I will say this, if you find them you need to do 2 things; 1.) keep it a secret and 2.) leave some to spore, don't take them all.
      If your Doctor is a tree, you're on acid.
    • People in Mass. mostly look in old apple orchards in the western part of the state. They associate with apple trees. That is what they tell me anyway, I have never had much luck with morels :(
      “Of all sad words of tongue or pen,
      the saddest are these, 'It might have been.”


      John Greenleaf Whittier
    • I like the low lands and look for poplars. The old apple orchards out in the middle of the mountains do good also. In Nebraska we found them around downed trees. We spent a lot of time on the South Dakota border and would find a lot around pines up there. Iowa seemed to prefer the sloping hills.
    • IMScotty wrote:

      People in Mass. mostly look in old apple orchards in the western part of the state. They associate with apple trees. That is what they tell me anyway, I have never had much luck with morels :(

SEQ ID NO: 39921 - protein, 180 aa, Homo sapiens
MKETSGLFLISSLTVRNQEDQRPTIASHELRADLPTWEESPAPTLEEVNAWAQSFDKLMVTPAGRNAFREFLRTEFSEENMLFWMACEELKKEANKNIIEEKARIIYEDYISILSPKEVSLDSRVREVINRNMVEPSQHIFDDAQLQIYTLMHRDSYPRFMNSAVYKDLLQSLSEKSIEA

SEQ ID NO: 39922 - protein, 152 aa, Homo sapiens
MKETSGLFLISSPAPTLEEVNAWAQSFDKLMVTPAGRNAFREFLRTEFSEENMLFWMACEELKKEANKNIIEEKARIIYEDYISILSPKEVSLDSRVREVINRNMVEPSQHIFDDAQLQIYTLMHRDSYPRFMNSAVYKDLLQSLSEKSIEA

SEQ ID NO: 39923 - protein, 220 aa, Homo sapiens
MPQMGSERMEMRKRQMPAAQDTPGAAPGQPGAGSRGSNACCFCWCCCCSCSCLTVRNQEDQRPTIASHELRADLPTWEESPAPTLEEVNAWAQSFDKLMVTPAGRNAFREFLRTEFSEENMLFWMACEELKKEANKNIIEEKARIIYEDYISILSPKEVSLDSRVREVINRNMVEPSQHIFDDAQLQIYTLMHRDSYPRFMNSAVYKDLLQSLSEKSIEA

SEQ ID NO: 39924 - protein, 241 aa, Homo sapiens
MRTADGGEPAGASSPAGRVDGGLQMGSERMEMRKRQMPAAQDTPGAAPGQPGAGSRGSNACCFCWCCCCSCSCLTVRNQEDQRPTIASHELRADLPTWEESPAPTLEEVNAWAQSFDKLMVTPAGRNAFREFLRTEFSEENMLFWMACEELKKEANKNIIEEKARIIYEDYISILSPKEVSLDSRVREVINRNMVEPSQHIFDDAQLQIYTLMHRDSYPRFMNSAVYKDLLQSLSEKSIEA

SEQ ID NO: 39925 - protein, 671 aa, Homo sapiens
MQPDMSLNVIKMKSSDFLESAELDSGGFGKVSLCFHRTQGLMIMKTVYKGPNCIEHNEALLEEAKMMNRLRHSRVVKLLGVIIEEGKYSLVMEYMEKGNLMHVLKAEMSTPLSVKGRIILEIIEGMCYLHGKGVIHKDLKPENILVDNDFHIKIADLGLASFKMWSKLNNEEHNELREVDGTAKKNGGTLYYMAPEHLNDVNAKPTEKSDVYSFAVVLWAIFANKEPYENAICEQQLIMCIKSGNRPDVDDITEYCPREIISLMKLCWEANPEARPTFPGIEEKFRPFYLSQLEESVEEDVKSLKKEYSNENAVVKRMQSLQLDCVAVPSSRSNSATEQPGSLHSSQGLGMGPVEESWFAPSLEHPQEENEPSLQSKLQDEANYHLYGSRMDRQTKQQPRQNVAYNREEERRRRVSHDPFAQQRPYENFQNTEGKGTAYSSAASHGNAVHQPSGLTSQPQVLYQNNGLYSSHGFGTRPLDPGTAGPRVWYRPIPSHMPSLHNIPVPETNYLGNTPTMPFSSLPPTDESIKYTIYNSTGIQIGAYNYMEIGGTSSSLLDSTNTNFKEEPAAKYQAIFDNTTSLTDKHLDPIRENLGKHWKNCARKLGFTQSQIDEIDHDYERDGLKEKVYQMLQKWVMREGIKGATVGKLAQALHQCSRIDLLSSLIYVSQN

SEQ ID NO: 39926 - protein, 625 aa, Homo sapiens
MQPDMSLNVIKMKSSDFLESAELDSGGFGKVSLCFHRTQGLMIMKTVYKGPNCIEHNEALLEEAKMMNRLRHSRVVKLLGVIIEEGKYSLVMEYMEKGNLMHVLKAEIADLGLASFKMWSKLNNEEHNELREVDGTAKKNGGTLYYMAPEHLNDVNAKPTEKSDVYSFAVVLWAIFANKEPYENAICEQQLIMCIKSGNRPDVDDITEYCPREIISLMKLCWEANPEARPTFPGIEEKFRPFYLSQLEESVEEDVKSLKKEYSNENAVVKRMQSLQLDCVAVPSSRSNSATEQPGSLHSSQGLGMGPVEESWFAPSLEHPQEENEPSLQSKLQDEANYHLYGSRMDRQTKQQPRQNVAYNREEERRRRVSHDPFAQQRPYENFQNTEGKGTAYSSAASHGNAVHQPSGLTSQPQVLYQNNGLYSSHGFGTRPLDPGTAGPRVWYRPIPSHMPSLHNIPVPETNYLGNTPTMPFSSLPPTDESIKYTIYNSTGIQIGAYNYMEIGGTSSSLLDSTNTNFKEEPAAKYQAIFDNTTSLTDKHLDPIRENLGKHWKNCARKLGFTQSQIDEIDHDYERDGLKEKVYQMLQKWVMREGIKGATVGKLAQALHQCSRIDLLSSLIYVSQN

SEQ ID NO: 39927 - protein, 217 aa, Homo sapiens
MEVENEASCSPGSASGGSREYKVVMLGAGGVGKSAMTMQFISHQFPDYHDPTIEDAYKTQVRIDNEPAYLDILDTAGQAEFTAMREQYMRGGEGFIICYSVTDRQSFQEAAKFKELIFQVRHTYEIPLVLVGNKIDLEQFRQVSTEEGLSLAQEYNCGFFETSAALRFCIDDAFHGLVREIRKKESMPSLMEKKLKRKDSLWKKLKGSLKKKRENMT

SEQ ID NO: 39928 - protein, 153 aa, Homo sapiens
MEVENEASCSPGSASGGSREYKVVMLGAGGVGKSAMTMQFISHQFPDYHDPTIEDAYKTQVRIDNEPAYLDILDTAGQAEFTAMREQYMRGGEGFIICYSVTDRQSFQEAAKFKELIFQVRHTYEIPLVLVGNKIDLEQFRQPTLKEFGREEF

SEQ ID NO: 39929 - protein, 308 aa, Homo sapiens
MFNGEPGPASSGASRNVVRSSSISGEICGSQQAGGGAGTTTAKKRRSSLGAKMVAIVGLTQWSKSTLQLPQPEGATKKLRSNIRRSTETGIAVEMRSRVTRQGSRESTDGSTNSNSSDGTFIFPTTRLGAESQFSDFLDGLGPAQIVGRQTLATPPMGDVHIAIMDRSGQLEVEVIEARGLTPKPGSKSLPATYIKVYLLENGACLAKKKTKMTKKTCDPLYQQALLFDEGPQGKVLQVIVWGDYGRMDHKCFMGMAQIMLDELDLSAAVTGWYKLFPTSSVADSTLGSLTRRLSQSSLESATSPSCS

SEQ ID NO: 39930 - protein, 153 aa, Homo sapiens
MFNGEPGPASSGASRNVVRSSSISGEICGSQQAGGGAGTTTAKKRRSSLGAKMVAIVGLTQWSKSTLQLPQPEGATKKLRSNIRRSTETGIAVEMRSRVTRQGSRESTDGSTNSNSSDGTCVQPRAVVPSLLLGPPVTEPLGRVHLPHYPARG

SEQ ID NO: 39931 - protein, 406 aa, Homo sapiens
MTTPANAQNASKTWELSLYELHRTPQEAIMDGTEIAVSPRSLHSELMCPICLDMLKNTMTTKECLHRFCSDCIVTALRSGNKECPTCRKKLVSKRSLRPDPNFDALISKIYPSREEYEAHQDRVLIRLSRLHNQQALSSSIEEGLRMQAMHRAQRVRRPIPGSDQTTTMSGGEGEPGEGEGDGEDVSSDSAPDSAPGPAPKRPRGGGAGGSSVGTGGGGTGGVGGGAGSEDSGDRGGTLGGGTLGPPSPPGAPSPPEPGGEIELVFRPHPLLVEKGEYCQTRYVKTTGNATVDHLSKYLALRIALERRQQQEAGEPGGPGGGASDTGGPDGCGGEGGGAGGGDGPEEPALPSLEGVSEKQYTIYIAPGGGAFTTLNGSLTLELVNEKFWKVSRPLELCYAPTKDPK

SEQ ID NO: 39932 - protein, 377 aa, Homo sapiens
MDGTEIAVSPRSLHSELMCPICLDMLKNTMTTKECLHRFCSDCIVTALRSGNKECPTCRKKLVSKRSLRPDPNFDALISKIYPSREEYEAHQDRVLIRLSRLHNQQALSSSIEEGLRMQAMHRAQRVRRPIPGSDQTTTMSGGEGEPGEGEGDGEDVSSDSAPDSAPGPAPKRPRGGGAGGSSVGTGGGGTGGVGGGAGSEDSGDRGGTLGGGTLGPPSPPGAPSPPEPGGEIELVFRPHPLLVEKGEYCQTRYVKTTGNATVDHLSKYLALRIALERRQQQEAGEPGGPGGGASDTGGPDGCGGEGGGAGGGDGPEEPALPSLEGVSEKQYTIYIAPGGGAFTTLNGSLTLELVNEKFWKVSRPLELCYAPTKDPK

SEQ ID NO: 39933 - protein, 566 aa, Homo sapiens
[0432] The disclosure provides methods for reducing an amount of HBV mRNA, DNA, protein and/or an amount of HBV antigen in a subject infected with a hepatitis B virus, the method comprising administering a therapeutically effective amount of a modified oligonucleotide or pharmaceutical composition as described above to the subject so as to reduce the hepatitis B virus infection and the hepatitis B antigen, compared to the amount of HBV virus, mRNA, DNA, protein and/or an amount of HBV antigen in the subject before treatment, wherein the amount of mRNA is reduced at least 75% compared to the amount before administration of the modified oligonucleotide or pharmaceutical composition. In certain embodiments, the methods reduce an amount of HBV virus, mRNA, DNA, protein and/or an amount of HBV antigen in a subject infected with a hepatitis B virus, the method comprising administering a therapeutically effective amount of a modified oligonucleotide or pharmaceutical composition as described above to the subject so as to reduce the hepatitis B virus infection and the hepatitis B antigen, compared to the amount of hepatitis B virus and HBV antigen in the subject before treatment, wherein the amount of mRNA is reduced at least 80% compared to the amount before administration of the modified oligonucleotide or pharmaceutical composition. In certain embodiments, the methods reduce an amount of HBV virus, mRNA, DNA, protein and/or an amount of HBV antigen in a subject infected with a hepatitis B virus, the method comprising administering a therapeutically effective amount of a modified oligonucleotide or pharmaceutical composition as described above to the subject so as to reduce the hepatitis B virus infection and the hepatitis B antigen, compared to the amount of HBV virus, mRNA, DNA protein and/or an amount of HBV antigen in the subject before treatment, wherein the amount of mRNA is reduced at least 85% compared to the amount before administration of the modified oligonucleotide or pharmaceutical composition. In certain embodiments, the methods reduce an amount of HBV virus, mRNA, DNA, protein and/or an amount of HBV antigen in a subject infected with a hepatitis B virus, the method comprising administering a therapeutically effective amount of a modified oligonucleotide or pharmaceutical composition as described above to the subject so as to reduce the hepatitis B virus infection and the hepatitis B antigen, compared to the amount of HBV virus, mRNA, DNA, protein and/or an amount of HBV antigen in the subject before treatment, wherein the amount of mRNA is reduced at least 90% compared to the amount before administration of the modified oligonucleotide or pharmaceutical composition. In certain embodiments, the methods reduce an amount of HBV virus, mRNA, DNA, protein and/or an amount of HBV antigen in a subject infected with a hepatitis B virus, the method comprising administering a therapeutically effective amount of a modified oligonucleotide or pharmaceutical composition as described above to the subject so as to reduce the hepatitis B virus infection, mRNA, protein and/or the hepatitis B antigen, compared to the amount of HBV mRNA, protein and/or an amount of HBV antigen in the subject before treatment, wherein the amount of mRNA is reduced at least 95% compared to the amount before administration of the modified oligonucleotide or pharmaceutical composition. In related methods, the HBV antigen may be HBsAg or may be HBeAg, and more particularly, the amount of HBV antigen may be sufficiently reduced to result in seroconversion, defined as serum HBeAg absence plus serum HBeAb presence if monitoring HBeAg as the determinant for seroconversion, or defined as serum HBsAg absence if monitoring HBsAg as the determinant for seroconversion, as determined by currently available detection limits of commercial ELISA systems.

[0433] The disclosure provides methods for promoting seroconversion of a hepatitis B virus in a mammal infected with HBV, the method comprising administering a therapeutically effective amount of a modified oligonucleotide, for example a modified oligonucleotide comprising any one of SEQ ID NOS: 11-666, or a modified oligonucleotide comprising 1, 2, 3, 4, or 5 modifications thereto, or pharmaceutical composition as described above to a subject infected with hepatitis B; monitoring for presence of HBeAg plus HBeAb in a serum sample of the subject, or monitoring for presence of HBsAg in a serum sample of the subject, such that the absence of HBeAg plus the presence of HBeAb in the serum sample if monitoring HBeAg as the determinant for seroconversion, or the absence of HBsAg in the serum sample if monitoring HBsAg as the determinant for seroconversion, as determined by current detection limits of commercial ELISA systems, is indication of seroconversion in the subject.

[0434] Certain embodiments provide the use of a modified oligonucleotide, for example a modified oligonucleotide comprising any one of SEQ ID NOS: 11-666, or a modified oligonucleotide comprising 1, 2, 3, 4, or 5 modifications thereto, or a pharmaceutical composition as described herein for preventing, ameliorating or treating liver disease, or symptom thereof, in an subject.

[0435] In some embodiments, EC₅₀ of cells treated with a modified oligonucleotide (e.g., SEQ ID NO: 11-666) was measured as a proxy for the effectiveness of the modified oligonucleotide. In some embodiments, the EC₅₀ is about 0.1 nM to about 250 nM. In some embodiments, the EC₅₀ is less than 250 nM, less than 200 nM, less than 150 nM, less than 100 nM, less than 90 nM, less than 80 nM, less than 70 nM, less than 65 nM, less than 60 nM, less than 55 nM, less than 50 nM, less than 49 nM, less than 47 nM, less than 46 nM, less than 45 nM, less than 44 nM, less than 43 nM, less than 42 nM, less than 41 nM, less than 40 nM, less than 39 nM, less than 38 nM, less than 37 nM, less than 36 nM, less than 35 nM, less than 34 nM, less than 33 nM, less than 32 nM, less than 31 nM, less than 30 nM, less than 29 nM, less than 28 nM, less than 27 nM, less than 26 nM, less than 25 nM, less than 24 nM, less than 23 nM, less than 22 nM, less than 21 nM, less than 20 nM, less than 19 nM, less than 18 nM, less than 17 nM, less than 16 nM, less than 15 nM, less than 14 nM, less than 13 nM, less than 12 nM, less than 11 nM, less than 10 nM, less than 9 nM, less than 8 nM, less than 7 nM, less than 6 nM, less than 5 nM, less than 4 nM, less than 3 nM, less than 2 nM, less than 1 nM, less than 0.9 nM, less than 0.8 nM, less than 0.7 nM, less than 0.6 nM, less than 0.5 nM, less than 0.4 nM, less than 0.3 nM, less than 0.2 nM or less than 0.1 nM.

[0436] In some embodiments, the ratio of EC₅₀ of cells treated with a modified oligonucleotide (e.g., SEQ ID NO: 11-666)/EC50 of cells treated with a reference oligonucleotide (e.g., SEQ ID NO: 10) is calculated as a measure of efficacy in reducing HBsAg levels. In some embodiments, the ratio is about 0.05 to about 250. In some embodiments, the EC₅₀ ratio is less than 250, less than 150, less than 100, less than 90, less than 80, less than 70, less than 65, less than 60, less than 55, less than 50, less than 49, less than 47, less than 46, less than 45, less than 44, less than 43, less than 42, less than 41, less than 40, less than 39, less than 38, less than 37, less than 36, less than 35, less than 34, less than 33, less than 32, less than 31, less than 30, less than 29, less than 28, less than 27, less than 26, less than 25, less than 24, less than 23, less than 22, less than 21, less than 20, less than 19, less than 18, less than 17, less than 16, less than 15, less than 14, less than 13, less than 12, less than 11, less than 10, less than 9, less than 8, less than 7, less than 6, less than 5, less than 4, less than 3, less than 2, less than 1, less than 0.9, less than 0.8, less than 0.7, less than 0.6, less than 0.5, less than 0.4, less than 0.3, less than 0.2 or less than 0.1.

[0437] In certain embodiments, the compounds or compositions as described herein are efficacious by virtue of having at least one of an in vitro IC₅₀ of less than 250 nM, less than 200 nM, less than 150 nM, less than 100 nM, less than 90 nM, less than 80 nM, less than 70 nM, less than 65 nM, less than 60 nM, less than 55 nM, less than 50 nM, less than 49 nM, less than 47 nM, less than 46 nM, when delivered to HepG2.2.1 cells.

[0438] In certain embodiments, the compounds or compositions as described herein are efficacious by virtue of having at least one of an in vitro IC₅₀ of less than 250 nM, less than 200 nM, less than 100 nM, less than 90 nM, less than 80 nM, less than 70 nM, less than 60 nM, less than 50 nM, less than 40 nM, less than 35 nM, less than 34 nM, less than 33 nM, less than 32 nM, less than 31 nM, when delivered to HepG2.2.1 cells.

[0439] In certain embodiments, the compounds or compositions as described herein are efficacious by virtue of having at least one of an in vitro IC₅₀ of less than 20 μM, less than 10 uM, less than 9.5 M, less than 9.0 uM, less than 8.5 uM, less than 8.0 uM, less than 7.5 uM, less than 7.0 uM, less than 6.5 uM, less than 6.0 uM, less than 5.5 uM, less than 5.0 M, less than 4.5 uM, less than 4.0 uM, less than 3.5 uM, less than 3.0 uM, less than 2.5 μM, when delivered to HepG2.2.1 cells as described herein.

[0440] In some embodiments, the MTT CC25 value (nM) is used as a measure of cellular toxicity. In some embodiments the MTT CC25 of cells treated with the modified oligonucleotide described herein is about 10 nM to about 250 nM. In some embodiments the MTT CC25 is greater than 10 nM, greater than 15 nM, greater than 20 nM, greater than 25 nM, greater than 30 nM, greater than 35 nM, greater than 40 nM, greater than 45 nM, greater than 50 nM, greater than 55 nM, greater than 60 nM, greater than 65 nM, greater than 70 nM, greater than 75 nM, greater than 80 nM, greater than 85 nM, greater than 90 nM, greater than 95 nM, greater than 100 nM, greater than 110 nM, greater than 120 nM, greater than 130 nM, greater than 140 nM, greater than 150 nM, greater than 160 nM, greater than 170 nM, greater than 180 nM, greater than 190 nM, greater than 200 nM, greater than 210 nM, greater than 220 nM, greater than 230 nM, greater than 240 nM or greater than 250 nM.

Perhaps they are trying to divert you from their favoured hunting grounds.

      Lest we forget.....



      SSgt Ray Rangel - USAF
      SrA Elizabeth Loncki - USAF
      PFC Adam Harris - USA
      MSgt Eden Pearl - USMC
    • Not the article I was looking for - but it happens in California quite a bit. "occasional' Vegans, Vegetarians, and professional fungi idiots claiming to be expert... die.


      Man, 82, dies from eating wild mushrooms
      Angelo Crippa loved to forage for wild fungi in the hills above Santa Barbara. After eating a heaping plate of what he thought was an innocuous variety, he died of liver failure within a week.
      March 12, 2009|Catherine Saillant



      An adventurous spirit, Angelo Crippa often foraged for wild mushrooms in the hills above Santa Barbara. But the 82-year-old's lifelong hobby turned tragic when he mistakenly picked the wrong ones in a wooded park near Arroyo Burro Beach, sauteing them with a steak for what would be his last meal.
      Crippa died a week ago at Santa Barbara Cottage Hospital, seven days after he ate a heaping plate of the deadly Amanita ocreata mushrooms, said his wife, Joan Crippa.